Preparation of Diphenylmethanol
Diphenylmethanol: The reaction flask is attached to a short reflux condenser through which, however, no water flows, instead is filled with methanol. The upper end of the reflux condenser is fitted to a small, water-cooled, descending condenser and a receiver. The reaction flask is charged with 18.2 g of benzophenone and a solution of 20 g of aluminum isopropoxide dissolved in 100 ml of dry 2-propanol.
The reaction mixture is heated on a water-bath so that 5-10 drops pass over per minute. After 30-60 min no more acetone is detectable in a sample of the distillate. If more than 50 ml or 60 ml of 2-propanol distils over, fresh 2-propanol must be added to maintain the volume. Water is then passed through the condenser and the mixture is heated to vigorous refluxing for 5 min.
The water-cooling is then discontinued and the first five drops distilling are tested for acetone with 2,4-dinitrophenylhydrazine in hydrochloric acid; if the test is positive, distillation is continued until it becomes negative. Then most of the 2-propanol is removed under slightly reduced pressure. The cold residue is hydrolyzed with dilute hydrochloric acid prepared from 35 ml of concentrated hydrochloric acid and 175 ml of water, and the aqueous suspension is shaken until hydrolysis is complete.
The crystalline diphenylmethanol is filtered and washed with cold dilute hydrochloric acid and then with water yielding 18.4 g of crude reaction product. Diphenylmethanol is purified by crystallization from hot light petroleum (b.p. 60-70° C) and if the solution is not clear, benzene is added and the hot solution is filtered. The diphenylmethanol crystallizes, on cooling, as colorless needles with melting point 67-69° C. Yield is 18.2 g or 99%.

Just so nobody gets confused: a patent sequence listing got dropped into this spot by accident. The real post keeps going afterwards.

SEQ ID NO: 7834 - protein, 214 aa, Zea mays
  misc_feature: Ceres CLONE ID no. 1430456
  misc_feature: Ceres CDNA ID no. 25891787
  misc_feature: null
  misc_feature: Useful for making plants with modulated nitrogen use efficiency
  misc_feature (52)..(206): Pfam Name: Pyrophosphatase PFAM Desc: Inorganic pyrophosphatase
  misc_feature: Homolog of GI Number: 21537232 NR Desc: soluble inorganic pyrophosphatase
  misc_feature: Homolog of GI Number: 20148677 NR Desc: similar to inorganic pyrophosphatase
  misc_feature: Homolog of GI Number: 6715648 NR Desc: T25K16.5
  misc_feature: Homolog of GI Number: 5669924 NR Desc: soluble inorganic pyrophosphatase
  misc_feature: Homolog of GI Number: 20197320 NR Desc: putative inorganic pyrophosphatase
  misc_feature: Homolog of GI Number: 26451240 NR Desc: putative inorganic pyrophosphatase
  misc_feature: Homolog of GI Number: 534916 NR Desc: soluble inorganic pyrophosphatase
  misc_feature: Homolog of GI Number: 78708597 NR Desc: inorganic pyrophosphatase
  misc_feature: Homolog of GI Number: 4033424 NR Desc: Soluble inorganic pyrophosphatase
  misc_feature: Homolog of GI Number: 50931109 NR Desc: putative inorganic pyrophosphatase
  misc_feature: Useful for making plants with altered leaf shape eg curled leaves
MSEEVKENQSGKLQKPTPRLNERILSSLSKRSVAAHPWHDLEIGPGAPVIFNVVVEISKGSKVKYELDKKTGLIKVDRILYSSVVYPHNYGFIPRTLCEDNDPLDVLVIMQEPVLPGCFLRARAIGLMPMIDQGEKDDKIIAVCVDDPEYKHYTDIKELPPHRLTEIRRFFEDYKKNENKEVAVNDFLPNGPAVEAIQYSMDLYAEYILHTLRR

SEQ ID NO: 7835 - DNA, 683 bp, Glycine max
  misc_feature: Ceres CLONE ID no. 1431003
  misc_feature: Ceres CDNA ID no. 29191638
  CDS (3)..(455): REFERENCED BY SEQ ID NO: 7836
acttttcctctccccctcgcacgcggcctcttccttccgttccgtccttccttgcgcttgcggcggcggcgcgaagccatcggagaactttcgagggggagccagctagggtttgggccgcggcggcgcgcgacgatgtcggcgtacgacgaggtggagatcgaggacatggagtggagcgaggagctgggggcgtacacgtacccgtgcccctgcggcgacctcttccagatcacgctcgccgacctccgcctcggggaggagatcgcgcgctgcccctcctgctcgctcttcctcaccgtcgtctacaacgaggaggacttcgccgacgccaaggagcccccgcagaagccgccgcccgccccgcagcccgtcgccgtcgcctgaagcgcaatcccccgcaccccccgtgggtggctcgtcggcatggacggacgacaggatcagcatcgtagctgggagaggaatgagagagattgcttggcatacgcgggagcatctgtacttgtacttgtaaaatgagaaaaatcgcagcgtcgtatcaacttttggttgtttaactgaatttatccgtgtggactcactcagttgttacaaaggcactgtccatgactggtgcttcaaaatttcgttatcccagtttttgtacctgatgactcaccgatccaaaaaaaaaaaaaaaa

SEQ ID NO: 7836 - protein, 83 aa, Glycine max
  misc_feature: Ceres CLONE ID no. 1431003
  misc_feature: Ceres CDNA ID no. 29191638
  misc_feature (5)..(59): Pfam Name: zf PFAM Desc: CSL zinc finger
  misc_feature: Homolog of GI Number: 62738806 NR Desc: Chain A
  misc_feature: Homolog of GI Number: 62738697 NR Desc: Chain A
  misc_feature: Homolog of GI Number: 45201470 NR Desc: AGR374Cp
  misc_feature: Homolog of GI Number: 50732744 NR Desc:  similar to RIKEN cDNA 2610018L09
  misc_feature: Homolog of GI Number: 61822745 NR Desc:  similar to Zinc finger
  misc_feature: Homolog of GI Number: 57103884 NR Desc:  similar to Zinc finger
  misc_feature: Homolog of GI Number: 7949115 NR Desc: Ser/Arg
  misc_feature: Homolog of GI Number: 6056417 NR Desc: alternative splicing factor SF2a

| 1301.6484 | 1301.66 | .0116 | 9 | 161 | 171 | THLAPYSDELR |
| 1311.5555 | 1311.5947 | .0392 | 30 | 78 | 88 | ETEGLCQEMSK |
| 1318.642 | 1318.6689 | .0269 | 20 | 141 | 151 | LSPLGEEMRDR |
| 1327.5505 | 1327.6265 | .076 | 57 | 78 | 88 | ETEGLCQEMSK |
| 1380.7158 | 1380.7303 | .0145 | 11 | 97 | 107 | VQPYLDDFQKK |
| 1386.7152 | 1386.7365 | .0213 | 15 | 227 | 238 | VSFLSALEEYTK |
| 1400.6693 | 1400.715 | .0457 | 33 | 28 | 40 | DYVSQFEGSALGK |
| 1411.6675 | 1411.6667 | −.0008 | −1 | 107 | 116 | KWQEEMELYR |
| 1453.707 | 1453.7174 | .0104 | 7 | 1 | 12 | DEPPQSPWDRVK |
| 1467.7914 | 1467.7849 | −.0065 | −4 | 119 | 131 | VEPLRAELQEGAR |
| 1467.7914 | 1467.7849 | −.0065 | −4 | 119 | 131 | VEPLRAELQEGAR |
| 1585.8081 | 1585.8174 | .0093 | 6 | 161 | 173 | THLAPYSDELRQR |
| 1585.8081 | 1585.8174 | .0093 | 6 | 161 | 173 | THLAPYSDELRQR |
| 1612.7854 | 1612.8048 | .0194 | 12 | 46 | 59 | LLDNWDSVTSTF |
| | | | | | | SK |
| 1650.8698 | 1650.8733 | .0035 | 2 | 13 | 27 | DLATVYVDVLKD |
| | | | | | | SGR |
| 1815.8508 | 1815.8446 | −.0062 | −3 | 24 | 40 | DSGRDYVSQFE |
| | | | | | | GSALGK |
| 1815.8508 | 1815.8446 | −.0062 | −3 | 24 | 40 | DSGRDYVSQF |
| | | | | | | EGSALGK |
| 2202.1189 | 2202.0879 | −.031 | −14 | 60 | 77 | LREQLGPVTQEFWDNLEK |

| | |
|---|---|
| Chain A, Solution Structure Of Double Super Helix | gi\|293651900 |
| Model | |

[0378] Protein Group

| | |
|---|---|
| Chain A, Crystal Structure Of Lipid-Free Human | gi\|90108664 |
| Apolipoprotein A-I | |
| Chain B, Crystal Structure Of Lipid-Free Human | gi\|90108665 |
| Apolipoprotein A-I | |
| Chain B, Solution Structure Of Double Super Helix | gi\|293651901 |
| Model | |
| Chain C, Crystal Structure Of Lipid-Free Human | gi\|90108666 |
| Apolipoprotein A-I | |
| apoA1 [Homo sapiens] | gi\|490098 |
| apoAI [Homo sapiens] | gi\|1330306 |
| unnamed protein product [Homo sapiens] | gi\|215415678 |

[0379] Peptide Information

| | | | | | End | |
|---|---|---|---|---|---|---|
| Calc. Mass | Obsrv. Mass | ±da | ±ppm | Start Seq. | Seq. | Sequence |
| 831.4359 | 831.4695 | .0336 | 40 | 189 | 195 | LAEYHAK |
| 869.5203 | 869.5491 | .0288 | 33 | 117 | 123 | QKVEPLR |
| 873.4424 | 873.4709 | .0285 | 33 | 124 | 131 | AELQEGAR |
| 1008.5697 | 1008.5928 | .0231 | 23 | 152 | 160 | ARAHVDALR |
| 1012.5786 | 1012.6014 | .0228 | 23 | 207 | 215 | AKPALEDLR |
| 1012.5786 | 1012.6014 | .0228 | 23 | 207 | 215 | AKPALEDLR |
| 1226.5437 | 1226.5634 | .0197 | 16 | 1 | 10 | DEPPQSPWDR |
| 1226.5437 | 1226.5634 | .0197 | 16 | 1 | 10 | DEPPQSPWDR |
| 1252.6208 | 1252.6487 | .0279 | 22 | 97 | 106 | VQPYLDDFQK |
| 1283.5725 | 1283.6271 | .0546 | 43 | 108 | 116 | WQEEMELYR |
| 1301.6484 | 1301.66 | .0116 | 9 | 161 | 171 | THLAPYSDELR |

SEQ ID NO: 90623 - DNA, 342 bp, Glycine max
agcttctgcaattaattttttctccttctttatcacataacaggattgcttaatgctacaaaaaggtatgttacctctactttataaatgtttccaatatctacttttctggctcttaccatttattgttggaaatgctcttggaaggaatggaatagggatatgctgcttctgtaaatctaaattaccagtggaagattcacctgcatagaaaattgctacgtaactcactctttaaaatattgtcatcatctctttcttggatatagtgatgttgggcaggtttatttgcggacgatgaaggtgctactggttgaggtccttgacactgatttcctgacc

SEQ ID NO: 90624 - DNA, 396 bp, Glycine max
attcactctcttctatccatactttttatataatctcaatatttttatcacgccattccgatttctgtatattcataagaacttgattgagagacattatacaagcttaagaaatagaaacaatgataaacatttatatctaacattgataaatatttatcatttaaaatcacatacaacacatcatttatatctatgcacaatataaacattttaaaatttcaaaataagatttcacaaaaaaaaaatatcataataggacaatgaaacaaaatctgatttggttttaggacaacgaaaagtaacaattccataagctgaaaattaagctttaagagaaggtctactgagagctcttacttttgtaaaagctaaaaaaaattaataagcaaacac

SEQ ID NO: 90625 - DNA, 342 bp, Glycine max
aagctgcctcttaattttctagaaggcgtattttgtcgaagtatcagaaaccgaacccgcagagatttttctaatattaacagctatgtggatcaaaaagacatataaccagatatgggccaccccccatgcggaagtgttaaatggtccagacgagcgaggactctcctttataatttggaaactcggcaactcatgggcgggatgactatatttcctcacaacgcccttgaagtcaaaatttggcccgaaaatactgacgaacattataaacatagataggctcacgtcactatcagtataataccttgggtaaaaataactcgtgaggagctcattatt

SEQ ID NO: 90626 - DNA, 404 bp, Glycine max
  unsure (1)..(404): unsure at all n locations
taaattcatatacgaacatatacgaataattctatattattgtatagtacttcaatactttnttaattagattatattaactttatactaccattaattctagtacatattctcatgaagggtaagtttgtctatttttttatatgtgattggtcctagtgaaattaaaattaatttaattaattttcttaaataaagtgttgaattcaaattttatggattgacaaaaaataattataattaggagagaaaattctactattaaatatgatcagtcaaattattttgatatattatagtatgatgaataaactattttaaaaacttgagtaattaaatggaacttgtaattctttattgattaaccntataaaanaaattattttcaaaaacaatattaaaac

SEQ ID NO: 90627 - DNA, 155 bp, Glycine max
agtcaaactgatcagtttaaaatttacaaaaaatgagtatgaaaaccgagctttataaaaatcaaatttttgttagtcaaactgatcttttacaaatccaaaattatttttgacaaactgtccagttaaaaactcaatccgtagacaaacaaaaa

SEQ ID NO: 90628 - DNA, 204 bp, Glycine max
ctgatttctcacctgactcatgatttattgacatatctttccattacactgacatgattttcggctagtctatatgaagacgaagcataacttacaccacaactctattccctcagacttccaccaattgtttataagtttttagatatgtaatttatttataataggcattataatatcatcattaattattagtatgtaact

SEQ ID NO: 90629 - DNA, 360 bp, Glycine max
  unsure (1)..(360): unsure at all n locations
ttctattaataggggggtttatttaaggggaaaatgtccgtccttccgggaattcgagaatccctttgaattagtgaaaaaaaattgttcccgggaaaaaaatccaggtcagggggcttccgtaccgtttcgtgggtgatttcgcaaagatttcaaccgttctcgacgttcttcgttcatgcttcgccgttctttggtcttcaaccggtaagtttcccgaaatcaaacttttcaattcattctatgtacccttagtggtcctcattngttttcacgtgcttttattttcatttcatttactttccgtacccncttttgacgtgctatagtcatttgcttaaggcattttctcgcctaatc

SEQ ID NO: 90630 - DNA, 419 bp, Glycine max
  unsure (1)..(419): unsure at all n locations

Benzopinacol is produced during the photochemical reduction, but it is at once cleaved by the sodium alcoholate; the benzophenone formed by cleavage is converted into more benzopinacol, cleaved and eventually consumed.
In a round-bottomed flask, 10 grams of benzophenone are dissolved in 60-70 ml of isopropyl alcohol by warming. Then the flask is filled to the neck with more of isopropyl alcohol and very small piece of sodium (0.05 grams) is added. The flask is tightly stoppered and inverted upside down in a beaker. Then the flask is exposed to the best available sunlight. The reaction is complete when, after exposure to the sunlight, the greenish blue color disappears. The solution is diluted with water, acidified and evaporated. The diphenylmethanol is obtained directly pure, with melting point 68° C.
Experiments in Organic Chemistry, L. F. Fieser, 104, 1941
JACS, 55, 391 (1933).
10 g of benzophenone are dissolved in 200 ml of alcohol, and 40 g of 50% aqueous potassium hydroxide added, and the mixture boiled until it turns dark brown. The mixture is treated gradually with 100 g of zinc dust until the brown colour disappears. The hot solution is filtered, and the filtrate poured into ice-water acidified with hydrochloric acid. Benzhydrol separates and may be crystallised from alcohol. Yield 90%, colourless needles; slightly soluble in water, m.p. 68° C.
Systematic organic chemistry, by W. M. Cumming, 186, 1937.